Working towards a zero-waste future may be your goal, and while it sounds ambitious, there are small changes you can make to your daily habits to get you well on the way to designing out waste. Here, we’ve compiled five measures anyone can take in their office (or at-home office!) to start, or continue on, their zero-waste path.

Morning Coffee Run

Skip the coffee shops and single-serve pods and brew your coffee at home. Whether a French press or common coffee pot is used, the left-over coffee grounds can be added to your compost bin, turned into a facial scrub, or even added to houseplant soil to help with aeration. If at-home brewing is not an option, remember your travel mug for coffee shop visits and have them fill it with your favorite cup of joe.

Sustainable (And Social) Lunches

Too many times, we’re so busy that we have to grab lunch and eat alone at our desk. Consider hosting a potluck at your office one day a week and include your own reusable dishware and cutlery. Or, if you don’t have an office full of co-workers to round out your lunch menu, bring in last night’s leftovers in your reusable container or do some meal prep so taking your lunch doesn’t feel so overwhelming. Remember to compost any remaining fruit and veggie scraps.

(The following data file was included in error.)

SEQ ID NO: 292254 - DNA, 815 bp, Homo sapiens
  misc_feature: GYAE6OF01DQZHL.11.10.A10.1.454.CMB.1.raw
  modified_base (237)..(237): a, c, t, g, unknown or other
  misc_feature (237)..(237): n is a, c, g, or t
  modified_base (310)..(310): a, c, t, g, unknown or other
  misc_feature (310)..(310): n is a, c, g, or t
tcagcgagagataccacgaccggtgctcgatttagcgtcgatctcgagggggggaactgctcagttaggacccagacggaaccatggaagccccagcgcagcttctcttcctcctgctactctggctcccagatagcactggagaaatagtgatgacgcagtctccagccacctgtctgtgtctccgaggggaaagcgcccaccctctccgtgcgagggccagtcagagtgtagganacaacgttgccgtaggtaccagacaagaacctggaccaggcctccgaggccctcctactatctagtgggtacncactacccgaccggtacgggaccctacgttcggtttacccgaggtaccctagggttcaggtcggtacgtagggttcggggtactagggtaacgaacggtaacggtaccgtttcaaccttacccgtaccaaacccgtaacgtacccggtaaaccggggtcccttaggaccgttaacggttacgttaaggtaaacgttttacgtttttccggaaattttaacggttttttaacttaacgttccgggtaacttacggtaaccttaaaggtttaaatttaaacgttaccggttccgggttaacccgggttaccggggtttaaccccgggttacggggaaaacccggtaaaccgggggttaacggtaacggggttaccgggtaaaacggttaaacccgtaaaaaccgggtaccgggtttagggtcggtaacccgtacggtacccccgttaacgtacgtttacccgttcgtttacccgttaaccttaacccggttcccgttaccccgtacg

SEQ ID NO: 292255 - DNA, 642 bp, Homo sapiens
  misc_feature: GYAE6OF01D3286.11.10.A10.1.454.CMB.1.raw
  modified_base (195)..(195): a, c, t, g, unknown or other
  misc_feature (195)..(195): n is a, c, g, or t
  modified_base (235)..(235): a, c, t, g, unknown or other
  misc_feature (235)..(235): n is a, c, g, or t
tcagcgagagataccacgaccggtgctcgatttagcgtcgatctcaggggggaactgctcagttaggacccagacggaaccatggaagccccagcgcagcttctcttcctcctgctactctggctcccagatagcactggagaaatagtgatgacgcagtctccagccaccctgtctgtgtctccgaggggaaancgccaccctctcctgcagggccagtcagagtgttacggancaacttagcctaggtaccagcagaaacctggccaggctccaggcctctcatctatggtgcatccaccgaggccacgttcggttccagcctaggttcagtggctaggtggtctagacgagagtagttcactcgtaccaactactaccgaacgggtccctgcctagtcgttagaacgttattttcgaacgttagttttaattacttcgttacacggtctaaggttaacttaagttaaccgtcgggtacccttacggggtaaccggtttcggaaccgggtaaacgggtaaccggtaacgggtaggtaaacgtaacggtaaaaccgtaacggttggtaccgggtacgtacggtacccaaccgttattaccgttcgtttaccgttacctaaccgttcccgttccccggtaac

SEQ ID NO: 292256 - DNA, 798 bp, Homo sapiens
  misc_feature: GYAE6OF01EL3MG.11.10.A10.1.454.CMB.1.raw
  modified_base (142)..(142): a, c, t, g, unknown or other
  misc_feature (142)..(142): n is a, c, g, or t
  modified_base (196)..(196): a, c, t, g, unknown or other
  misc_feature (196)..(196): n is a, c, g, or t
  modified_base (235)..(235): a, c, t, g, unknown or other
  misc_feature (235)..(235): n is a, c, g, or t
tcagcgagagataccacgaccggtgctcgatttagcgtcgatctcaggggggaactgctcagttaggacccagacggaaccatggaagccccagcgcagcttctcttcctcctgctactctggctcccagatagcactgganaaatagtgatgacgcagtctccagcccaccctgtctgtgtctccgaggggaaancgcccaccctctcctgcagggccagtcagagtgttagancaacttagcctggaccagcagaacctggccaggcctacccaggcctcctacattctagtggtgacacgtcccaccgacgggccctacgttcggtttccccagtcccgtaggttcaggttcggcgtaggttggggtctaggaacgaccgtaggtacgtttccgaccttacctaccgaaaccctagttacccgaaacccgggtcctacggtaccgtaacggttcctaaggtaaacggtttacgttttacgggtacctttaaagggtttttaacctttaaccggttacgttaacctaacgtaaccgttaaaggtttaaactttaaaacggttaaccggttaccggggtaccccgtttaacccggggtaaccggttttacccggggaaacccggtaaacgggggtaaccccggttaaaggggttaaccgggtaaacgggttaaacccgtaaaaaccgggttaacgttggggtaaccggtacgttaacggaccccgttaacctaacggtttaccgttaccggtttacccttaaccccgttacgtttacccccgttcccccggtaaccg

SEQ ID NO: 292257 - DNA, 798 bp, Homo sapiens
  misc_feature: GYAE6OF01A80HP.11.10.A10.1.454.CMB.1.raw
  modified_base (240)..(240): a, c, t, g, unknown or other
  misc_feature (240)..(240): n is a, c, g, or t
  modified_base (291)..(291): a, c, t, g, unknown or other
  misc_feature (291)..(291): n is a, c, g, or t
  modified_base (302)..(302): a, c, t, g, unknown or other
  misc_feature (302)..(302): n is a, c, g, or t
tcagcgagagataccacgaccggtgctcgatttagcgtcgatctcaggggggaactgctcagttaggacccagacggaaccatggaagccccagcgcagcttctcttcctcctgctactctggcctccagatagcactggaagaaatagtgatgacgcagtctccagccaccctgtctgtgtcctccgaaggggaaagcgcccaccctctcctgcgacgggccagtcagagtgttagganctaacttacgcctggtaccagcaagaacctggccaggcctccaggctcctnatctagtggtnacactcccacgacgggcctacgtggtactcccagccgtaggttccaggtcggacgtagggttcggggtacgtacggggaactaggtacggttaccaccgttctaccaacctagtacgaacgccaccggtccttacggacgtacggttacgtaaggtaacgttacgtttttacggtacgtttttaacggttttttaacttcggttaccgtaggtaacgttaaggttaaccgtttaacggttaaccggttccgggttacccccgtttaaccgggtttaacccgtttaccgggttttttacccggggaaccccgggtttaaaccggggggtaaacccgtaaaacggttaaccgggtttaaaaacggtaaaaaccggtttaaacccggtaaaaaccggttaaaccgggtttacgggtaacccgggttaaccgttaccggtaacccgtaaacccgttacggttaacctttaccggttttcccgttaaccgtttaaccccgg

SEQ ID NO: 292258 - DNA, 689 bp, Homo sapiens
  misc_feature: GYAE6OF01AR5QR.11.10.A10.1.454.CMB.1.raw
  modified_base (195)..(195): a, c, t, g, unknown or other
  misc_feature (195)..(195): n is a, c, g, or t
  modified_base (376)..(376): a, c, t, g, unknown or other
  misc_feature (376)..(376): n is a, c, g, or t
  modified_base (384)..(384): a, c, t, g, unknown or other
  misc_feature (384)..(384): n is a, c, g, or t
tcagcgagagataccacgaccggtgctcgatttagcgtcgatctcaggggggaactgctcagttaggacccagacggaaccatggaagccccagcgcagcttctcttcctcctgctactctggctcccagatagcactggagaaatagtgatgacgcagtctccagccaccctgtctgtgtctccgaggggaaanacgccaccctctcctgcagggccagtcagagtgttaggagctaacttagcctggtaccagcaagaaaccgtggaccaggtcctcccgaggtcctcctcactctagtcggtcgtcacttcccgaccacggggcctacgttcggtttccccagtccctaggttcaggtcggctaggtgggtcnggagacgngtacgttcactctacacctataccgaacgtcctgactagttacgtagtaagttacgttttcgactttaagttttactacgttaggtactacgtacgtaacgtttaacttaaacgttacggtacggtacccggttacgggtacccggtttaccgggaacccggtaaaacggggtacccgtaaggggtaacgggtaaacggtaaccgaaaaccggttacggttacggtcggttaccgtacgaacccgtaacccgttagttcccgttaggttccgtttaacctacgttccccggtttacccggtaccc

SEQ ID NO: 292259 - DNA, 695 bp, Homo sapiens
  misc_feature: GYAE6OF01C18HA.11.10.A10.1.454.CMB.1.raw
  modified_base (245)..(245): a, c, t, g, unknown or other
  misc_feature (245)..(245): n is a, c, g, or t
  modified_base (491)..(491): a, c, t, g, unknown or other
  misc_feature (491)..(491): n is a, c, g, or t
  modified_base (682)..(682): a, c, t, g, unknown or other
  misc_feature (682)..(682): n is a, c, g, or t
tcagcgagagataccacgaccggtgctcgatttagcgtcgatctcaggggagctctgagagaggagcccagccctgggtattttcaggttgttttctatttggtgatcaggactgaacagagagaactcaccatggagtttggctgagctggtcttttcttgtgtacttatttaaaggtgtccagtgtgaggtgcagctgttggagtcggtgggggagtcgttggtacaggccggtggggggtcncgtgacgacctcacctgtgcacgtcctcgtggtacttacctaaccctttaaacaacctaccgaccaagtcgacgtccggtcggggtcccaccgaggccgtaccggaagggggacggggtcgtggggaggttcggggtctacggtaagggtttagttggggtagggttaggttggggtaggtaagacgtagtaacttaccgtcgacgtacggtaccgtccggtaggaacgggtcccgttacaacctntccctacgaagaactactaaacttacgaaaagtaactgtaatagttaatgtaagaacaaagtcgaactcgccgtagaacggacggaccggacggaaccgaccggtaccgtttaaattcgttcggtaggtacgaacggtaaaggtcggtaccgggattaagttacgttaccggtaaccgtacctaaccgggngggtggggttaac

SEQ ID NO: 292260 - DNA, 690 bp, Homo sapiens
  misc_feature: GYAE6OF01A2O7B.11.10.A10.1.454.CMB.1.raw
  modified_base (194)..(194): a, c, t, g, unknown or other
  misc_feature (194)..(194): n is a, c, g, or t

Plastic Film Avoidance

Even when most of the components of food packaging are recyclable, there are some parts that might have plastic film, which can’t be recycled at the curb. So even if we do our best to shop with reusable bags and avoid the other plastics typically encountered, the reality is, we’ll probably end up with some of it. Luckily, there are services available for you to collect and drop off plastic films and bags at a nearby grocery store. Find where your nearest plastic film recycling drop-off location is.

Move the Trash Cans to a Central Space

Sometimes by force of habit, we throw away materials that can be composted, recycled, or diverted from a landfill simply because a waste bin is nearby. By removing the trash bins near desks, it’ll inspire you to think more about the materials you dispose of, where the waste should go, and hopefully give you a chance to run into a colleague or friend while responsibly disposing of waste. That’s a win-win-win!

Compost What You Can

Americans throw away nearly 40 million tons of food each year, equating to 219 pounds of food waste per person. While food can decompose faster than plastic, it contributes to 7 percent of greenhouse gasses and attracts bugs and rodents when thrown away. There are ways you can avoid having food waste end up in a landfill. If at-home or at-work composting is not an option, many cities offer organic waste pick-up services that may even provide compost back to you for your garden.

 

Imagine if an entire office participated in these zero waste initiatives. Not only would you be decreasing your eco-footprint but you would save money, build camaraderie with co-workers, and know you are doing your part to reduce waste and make sure that any that remains ends up in the proper waste stream rather than in landfill.


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